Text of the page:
The primary purpose of this space is to enable to worship of God. Worship not just with words (and I suspect at times we use too many of them to let God speak to us), not just with music, but with all of our senses: sight, hearing, voice, smell, taste, touch and movement. We do not worship God from a sensory deprivation chamber but rather from an extension of our own being. This space therefore needs to enable us to move towards the heart of God, and anything which gets in the way of that: no matter how old, how new, how festooned with memorial plaques or burdened with history, anything which gets in the way, should be moved out of the way of the movement of the worshipper spiritually towards the heart of God.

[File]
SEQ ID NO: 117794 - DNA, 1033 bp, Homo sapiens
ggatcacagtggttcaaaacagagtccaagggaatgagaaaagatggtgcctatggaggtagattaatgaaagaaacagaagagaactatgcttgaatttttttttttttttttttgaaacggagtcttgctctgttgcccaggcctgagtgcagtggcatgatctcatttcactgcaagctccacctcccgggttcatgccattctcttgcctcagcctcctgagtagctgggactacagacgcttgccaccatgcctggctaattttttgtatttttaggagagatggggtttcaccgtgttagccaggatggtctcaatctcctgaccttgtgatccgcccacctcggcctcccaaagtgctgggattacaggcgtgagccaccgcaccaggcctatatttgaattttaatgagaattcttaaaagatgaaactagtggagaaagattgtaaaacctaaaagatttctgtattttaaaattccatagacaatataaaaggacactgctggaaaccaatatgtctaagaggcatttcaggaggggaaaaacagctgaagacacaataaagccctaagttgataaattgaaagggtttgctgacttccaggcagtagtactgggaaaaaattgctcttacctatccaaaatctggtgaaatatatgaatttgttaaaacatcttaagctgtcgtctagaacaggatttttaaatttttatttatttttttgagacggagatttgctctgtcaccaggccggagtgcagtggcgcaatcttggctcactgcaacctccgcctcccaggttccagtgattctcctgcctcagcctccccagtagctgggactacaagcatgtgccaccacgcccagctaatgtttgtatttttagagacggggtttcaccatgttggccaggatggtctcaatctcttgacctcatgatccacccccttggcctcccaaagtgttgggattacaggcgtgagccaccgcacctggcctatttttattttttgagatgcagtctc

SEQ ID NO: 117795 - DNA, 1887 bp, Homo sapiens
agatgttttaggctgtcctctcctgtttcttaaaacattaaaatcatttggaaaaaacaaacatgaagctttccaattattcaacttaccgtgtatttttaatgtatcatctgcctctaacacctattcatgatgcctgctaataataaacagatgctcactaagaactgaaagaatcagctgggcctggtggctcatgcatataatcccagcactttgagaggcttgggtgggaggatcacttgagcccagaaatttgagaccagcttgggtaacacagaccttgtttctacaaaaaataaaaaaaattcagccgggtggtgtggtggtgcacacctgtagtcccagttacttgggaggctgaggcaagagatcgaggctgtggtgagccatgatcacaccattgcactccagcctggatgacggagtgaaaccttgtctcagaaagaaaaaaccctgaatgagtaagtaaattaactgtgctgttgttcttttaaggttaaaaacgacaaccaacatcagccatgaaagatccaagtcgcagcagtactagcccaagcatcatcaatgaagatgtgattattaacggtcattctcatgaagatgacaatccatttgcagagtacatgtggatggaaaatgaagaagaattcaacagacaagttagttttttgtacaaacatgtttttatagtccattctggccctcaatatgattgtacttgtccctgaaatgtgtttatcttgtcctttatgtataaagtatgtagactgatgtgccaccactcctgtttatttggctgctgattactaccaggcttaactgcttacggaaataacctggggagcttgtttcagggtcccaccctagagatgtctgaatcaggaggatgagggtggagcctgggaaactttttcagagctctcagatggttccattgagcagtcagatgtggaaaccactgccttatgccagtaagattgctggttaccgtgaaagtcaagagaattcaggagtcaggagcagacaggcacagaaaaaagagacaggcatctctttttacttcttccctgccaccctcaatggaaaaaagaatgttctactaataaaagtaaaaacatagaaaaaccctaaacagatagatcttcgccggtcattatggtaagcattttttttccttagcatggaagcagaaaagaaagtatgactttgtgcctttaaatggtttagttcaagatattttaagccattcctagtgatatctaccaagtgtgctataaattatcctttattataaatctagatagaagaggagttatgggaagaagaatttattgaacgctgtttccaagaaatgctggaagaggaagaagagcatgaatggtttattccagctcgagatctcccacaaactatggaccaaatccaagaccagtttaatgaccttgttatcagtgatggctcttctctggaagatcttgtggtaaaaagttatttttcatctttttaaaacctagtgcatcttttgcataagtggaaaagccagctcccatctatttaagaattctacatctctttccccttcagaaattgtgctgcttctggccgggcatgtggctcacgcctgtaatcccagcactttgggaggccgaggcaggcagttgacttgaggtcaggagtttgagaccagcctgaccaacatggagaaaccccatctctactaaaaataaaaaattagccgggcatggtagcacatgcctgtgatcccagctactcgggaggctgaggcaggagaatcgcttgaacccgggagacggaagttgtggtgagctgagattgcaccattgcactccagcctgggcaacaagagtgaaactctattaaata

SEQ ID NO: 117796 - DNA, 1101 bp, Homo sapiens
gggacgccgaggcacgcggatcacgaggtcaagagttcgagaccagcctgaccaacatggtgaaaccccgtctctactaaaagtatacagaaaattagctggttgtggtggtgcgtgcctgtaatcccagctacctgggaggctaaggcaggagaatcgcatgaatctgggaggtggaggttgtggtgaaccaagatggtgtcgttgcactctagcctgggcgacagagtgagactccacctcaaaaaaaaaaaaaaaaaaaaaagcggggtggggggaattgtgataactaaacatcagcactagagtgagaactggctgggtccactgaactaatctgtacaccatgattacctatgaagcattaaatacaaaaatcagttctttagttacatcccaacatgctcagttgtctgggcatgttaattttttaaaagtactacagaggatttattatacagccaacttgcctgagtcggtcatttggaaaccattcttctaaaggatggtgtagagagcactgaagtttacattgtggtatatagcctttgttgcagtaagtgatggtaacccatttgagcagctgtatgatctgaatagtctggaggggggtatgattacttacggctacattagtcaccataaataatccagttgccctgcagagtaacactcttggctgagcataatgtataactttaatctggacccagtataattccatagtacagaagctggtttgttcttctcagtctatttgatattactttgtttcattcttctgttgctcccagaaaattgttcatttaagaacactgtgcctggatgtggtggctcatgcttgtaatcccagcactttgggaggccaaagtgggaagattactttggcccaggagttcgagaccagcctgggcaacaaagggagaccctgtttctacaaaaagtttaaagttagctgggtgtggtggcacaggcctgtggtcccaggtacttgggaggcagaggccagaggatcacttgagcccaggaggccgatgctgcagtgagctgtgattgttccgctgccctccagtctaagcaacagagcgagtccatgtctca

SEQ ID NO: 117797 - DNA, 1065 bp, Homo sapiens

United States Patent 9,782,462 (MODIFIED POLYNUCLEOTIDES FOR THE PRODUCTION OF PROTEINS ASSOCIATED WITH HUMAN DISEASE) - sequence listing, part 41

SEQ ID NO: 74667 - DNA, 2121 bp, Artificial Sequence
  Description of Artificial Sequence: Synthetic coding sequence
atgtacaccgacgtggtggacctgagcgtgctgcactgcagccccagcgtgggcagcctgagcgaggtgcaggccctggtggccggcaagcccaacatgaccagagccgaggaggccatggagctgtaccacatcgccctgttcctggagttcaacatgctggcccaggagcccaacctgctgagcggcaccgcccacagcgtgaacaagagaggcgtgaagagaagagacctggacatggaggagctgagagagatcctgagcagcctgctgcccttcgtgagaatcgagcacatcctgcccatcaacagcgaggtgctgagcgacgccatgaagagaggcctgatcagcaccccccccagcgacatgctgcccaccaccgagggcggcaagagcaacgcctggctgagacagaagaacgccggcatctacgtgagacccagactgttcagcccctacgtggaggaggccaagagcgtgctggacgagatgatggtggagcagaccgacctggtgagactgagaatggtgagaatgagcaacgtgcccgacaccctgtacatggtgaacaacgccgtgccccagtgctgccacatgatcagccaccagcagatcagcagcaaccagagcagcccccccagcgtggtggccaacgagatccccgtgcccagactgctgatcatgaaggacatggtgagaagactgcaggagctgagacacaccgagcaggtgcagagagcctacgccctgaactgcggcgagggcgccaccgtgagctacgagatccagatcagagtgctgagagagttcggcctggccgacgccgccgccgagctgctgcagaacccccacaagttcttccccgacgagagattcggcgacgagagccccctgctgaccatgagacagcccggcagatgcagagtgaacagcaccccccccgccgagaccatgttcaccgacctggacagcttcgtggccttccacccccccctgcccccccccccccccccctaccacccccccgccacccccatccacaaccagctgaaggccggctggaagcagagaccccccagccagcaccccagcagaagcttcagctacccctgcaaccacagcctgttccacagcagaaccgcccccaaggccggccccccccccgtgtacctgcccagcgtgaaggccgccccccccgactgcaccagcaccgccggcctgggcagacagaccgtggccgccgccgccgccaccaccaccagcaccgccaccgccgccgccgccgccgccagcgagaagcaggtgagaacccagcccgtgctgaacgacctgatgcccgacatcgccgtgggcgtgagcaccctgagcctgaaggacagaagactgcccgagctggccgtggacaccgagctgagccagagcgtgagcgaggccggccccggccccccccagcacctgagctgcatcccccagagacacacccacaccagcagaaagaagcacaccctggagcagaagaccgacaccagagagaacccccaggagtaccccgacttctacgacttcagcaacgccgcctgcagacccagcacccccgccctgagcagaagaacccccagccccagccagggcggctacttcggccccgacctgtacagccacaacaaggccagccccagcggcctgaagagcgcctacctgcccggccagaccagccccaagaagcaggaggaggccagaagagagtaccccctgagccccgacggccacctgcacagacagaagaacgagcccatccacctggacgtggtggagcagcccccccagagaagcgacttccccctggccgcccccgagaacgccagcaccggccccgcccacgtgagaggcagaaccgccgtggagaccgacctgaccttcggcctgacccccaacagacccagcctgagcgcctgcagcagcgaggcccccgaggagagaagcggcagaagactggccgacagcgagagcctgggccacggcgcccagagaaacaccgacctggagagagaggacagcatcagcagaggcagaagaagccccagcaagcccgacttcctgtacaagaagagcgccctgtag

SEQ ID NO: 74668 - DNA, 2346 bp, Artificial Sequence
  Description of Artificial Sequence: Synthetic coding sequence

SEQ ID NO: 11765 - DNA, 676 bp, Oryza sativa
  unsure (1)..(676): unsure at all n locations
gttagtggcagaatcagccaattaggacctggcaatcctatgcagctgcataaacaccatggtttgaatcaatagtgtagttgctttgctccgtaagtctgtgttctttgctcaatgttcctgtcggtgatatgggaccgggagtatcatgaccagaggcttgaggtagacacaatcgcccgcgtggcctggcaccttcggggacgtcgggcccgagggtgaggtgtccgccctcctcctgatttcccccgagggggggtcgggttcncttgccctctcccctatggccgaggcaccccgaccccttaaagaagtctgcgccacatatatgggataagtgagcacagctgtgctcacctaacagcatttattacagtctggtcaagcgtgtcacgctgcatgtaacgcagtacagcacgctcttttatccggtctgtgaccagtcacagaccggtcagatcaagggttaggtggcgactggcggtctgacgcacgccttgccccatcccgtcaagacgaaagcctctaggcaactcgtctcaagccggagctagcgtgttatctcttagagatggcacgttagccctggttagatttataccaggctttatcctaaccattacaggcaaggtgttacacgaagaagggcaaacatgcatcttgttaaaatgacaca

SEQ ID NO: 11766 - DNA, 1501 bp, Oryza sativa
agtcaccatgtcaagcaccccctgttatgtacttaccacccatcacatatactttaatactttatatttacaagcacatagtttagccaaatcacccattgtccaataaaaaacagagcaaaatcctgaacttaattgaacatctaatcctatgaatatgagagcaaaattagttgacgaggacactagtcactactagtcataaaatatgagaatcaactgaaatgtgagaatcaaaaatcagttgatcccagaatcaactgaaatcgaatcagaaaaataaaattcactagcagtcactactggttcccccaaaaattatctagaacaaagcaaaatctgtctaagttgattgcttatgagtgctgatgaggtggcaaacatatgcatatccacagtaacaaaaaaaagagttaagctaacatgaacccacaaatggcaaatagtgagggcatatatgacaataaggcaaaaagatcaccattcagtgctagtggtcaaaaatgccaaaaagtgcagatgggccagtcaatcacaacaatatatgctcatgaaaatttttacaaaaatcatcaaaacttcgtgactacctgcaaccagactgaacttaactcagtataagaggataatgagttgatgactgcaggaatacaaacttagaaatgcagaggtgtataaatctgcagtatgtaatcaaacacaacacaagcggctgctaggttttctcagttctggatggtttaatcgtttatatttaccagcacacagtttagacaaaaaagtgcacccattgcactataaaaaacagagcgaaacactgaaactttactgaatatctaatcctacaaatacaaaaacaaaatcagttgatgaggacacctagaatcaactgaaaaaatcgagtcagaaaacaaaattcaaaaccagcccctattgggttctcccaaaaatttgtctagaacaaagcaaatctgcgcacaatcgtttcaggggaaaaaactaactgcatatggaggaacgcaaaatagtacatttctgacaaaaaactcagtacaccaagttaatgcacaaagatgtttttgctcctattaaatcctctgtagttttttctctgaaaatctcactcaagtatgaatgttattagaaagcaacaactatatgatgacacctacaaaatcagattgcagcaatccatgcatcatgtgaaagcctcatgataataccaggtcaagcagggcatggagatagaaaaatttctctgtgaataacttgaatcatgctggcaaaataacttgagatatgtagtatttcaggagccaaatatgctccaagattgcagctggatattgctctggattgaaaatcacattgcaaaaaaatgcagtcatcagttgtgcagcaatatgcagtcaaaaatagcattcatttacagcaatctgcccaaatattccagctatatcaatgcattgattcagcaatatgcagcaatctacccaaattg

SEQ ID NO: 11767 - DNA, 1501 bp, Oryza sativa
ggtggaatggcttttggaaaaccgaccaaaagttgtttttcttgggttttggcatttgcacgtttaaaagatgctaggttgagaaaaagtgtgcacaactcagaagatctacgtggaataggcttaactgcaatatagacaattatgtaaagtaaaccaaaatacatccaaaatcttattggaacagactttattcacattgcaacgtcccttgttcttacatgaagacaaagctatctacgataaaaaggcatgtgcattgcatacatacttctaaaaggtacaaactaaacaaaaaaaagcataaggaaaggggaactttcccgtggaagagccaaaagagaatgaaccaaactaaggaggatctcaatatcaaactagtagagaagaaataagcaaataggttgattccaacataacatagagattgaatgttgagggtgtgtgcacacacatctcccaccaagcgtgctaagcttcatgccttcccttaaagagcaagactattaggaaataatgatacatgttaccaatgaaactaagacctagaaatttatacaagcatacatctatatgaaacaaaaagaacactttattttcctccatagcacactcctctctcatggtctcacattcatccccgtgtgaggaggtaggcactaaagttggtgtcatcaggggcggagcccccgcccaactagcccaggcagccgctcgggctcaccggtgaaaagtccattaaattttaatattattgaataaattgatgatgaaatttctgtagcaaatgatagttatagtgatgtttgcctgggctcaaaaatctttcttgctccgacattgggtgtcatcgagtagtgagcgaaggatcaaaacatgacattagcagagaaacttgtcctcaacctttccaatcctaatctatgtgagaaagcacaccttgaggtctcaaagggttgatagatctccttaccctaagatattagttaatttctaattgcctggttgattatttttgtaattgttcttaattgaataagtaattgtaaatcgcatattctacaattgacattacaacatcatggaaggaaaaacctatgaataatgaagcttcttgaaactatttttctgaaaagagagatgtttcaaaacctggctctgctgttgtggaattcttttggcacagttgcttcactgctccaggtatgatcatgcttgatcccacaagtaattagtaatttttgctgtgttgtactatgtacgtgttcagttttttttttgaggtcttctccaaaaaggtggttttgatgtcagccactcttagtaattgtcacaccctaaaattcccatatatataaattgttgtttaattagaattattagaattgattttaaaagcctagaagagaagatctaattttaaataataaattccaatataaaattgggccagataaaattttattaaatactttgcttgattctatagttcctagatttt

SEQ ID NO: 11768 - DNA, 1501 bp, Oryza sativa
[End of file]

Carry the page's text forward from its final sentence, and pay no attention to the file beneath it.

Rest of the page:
This means some hard choices. Some hard choices will be more popular than others. Each fortnight I read in Private Eye of some church being berated because it is trying to achieve what we are trying to achieve, and some will mourn the loss of furnishings they have grown familiar with over the years. But few people find these pews conducive to worship, for they belong to an age when it was felt you had to be uncomfortable in Church to stay awake during the vicar’s interminable sermons (well, perhaps they need to stay).

The failure of these pews on my left, showed, when we took them out how they had simply worn out – the base of them was rotten through and, after 150 or more years of sterling service, we sometimes have to accept that things wear out, and churches move on.